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Joe90
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28 Sep 2022, 10:52 pm

People do that. As long as they're not directing it as a personal attack against you or any other gay people, just ignore them. If people at my work were making jokes about autism or ADHD I wouldn't take any notice. I might even laugh.

I only take offense to things if they're aimed at me personally. If they're being prejudiced against a community (and not spreading unpleasant hate speech) then I would just let them get on with it, as I believe in free speech.

I know I get upset when I see sites created by vengeful NTs badmouthing autistics and calling us heartless, but that's because they're so harsh and they're trying to get the whole world to turn against autistics and see us all as dangerous psychos that don't deserve to be loved, and because I have insecurities about being on the spectrum I feel that these sites shouldn't be lurking around on the internet for all to see. So it depends on the context. Joking around with your colleagues is different to spreading false accusations and hatred towards a group.


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IsabellaLinton
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28 Sep 2022, 11:07 pm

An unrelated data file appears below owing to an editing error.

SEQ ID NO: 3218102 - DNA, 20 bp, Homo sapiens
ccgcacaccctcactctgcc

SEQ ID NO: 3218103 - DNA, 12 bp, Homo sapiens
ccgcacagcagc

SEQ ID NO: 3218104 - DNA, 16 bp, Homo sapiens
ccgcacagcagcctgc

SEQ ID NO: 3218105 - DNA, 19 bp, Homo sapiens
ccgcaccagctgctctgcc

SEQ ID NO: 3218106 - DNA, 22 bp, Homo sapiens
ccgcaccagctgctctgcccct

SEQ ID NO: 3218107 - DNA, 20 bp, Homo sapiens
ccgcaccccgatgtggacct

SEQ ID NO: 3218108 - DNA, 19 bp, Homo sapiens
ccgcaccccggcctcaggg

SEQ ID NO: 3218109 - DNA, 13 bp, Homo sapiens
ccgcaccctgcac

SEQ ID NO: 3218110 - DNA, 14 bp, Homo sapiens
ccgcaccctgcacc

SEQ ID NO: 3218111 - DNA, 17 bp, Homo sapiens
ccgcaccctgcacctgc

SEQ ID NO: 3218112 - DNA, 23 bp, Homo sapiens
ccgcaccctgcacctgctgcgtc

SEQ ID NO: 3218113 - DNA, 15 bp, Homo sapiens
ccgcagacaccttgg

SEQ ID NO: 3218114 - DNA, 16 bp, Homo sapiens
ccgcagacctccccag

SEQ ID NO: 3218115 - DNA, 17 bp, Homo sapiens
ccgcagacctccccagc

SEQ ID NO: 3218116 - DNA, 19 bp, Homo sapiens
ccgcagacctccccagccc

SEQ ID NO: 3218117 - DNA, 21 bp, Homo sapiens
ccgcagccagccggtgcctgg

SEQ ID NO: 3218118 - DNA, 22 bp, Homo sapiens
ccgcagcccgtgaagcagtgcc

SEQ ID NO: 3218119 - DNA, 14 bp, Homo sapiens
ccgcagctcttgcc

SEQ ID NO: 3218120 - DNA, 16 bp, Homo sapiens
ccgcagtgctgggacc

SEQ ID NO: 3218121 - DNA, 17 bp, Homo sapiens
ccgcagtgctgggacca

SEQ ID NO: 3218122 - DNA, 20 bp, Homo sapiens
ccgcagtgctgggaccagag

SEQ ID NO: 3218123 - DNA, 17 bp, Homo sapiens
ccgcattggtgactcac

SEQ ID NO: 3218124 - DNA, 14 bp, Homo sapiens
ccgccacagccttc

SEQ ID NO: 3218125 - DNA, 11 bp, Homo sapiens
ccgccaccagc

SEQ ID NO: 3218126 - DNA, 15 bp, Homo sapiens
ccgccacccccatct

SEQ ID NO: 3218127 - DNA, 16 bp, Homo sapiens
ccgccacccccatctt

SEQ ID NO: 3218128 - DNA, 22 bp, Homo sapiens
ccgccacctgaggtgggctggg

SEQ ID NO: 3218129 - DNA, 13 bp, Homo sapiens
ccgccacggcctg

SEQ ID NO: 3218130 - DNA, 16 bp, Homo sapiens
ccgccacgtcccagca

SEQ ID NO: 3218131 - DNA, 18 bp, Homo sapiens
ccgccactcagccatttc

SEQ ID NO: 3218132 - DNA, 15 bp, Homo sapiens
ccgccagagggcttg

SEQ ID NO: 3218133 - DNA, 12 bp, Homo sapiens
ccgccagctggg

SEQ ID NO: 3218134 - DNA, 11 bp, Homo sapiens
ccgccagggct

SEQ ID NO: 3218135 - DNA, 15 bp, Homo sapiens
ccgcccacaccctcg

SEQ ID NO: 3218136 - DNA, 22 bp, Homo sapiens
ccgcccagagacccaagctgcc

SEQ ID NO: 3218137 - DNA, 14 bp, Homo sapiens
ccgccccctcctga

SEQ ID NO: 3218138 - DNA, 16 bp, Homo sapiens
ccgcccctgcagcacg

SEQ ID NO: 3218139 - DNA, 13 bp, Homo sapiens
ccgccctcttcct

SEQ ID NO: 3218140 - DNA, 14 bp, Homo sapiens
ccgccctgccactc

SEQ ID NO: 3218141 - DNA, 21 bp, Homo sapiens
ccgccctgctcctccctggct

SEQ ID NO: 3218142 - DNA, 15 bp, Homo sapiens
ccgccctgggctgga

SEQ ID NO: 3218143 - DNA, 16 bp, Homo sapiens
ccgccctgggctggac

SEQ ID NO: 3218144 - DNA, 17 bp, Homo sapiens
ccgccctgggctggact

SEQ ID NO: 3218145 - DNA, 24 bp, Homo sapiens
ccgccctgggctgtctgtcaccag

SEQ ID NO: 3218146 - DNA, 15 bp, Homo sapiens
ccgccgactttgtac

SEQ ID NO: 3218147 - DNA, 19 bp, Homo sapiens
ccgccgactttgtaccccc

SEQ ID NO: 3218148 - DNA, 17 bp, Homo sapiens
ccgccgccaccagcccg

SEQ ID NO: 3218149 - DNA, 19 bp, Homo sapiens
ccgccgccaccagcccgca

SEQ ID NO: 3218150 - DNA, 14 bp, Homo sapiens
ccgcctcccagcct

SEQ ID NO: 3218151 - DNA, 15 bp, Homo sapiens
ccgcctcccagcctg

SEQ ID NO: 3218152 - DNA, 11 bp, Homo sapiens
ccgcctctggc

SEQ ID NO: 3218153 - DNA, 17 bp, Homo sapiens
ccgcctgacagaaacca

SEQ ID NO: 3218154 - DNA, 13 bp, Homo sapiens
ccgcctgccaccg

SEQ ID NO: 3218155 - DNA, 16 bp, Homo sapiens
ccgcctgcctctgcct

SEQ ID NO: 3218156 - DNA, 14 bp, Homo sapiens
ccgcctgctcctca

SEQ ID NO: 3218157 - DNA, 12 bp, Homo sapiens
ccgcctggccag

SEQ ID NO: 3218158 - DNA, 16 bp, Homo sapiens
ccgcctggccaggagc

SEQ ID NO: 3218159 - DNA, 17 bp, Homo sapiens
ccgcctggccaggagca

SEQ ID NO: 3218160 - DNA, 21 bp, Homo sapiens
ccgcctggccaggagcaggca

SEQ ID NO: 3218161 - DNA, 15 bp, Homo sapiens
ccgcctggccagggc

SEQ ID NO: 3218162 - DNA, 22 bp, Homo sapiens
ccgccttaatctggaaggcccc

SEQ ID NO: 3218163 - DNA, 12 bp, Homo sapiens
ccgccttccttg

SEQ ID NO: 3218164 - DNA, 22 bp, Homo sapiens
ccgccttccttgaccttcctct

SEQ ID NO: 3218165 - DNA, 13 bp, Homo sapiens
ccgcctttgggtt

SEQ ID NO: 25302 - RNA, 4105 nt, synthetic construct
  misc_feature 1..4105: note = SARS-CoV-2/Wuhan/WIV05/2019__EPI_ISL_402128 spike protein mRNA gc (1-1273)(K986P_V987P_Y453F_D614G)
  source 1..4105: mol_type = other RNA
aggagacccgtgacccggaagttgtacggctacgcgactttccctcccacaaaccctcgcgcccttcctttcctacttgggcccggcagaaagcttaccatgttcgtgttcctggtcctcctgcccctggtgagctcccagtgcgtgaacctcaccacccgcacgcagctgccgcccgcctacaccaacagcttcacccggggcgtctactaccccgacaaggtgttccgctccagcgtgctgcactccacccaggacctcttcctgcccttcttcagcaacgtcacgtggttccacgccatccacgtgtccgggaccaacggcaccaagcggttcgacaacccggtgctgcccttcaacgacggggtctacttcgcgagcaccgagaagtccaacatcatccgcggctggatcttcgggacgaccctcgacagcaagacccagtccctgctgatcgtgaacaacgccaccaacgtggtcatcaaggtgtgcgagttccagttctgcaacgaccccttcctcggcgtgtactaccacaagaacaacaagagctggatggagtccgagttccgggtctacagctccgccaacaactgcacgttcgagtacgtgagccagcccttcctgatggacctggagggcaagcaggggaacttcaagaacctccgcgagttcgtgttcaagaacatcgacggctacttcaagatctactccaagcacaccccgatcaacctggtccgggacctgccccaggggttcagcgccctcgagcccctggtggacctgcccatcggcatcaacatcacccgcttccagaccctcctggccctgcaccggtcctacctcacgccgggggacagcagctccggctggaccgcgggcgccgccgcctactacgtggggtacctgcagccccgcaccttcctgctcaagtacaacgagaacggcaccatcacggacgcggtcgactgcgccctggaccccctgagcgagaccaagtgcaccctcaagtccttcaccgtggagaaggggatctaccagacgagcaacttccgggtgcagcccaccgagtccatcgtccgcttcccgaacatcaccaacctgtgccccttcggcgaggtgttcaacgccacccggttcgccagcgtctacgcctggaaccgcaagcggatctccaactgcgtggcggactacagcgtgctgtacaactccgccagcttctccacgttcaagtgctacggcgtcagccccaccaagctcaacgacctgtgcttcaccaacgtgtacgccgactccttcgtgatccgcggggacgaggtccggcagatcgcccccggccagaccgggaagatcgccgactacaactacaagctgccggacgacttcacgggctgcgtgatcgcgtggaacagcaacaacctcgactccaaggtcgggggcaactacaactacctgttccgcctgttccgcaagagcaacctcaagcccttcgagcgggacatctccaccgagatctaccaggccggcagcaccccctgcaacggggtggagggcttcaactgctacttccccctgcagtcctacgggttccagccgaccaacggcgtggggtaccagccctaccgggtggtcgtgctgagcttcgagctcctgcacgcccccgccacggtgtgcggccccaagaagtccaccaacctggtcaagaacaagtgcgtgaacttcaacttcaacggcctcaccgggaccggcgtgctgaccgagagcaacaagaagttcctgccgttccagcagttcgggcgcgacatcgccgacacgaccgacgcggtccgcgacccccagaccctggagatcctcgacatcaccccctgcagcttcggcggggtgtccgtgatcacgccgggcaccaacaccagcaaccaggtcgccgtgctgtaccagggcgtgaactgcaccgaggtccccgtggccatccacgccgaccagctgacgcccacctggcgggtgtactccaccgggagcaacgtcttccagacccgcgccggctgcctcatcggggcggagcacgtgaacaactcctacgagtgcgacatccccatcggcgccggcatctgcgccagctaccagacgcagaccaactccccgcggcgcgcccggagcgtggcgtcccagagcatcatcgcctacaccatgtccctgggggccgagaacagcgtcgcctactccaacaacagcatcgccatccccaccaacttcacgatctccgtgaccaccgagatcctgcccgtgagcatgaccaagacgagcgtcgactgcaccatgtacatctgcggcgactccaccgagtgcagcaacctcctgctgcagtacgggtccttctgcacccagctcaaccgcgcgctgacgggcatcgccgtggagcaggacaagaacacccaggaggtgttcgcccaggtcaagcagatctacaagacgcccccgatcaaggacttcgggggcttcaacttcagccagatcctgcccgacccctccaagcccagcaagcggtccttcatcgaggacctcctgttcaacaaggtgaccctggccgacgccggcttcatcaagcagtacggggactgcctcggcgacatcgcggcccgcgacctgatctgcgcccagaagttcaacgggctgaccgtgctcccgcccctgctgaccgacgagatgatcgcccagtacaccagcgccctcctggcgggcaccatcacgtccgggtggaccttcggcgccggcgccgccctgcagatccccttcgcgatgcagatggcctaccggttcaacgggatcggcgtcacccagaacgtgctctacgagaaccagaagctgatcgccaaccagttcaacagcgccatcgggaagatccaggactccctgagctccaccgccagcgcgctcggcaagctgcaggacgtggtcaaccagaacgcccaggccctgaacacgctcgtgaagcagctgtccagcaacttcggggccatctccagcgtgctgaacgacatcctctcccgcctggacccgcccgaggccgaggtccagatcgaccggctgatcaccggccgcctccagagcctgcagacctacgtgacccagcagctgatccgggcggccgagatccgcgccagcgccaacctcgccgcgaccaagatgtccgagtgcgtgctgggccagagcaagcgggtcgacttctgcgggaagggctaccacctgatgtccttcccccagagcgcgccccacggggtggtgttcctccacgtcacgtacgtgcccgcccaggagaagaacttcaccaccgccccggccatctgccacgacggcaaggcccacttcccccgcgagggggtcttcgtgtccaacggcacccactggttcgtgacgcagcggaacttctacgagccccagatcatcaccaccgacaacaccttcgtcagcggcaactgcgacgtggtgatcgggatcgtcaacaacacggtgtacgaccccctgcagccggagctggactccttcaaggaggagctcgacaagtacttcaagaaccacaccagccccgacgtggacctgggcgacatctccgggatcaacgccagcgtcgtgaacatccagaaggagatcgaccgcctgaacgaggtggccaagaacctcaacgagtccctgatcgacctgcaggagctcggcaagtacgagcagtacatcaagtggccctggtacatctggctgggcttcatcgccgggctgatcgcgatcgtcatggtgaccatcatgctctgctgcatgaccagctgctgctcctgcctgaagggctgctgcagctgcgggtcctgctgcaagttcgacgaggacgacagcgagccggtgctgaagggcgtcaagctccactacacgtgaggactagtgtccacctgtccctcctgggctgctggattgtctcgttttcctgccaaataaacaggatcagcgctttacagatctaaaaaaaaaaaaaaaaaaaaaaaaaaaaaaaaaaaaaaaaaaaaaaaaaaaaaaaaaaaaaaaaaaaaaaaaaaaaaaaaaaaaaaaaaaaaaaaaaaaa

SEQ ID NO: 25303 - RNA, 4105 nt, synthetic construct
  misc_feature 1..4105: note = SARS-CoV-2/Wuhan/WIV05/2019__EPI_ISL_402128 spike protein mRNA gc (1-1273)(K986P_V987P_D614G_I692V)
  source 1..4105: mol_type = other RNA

I would speak up. It doesn't have to be rude or confrontational, or even a direct response to their joke, but at some point I'd start a dialogue about idiotic homophobes and their hurtful misconceptions.



Lost_dragon
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29 Sep 2022, 7:08 pm

A little off topic but I've been thinking about a remark that was made recently by a married man at work. He showed me a picture of a celebrity wearing revealing clothing and asked if I'd ever wear something like that. I laughed and said no. He replied "Why not? If you've got it, you should flaunt it". Then he left.

I don't think he was hitting on me, but if not - seems an odd thing to say. Maybe I'm reading into it too much.

Anyway, I think that Isabella is right. Once I've learnt how to drive I'll have more opportunities for work. I'm currently studying for my theory. I think I need to stick it out a bit longer and open a dialogue. Not to go on the full offense, but rather work my way through to them. I've known groups like this before. They don't respond well to emotional pleas. You have to play their game, to approach it in a similar way they approach things. If they feel attacked (or they think that you feel attacked) they'll double down. Essentially a work around is presenting criticism as banter but keeping it consistent enough that it can't be written off.